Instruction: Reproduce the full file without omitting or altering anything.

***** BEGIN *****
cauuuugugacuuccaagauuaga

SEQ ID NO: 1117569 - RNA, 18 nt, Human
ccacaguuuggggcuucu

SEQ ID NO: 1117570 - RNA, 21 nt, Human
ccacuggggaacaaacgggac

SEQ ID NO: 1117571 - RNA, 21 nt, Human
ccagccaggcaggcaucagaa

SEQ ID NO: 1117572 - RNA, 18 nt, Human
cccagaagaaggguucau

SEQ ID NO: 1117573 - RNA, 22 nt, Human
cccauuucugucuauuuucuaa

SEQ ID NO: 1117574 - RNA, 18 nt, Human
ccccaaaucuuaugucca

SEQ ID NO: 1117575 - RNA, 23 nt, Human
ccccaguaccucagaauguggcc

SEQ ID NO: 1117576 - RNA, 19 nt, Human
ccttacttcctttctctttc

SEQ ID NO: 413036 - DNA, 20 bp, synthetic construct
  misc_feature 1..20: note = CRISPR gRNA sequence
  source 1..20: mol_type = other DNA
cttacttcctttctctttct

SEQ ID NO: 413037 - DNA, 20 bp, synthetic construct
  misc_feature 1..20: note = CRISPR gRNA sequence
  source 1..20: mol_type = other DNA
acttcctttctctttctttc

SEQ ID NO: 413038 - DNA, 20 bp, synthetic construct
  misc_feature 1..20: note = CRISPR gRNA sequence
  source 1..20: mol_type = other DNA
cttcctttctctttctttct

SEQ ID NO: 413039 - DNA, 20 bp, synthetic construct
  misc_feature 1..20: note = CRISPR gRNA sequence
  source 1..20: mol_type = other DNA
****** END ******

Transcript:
cauuuugugacuuccaagauuaga

SEQ ID NO: 1117569 - RNA, 18 nt, Human
ccacaguuuggggcuucu

SEQ ID NO: 1117570 - RNA, 21 nt, Human
ccacuggggaacaaacgggac

SEQ ID NO: 1117571 - RNA, 21 nt, Human
ccagccaggcaggcaucagaa

SEQ ID NO: 1117572 - RNA, 18 nt, Human
cccagaagaaggguucau

SEQ ID NO: 1117573 - RNA, 22 nt, Human
cccauuucugucuauuuucuaa

SEQ ID NO: 1117574 - RNA, 18 nt, Human
ccccaaaucuuaugucca

SEQ ID NO: 1117575 - RNA, 23 nt, Human
ccccaguaccucagaauguggcc

SEQ ID NO: 1117576 - RNA, 19 nt, Human
ccttacttcctttctctttc

SEQ ID NO: 413036 - DNA, 20 bp, synthetic construct
  misc_feature 1..20: note = CRISPR gRNA sequence
  source 1..20: mol_type = other DNA
cttacttcctttctctttct

SEQ ID NO: 413037 - DNA, 20 bp, synthetic construct
  misc_feature 1..20: note = CRISPR gRNA sequence
  source 1..20: mol_type = other DNA
acttcctttctctttctttc

SEQ ID NO: 413038 - DNA, 20 bp, synthetic construct
  misc_feature 1..20: note = CRISPR gRNA sequence
  source 1..20: mol_type = other DNA
cttcctttctctttctttct

SEQ ID NO: 413039 - DNA, 20 bp, synthetic construct
  misc_feature 1..20: note = CRISPR gRNA sequence
  source 1..20: mol_type = other DNA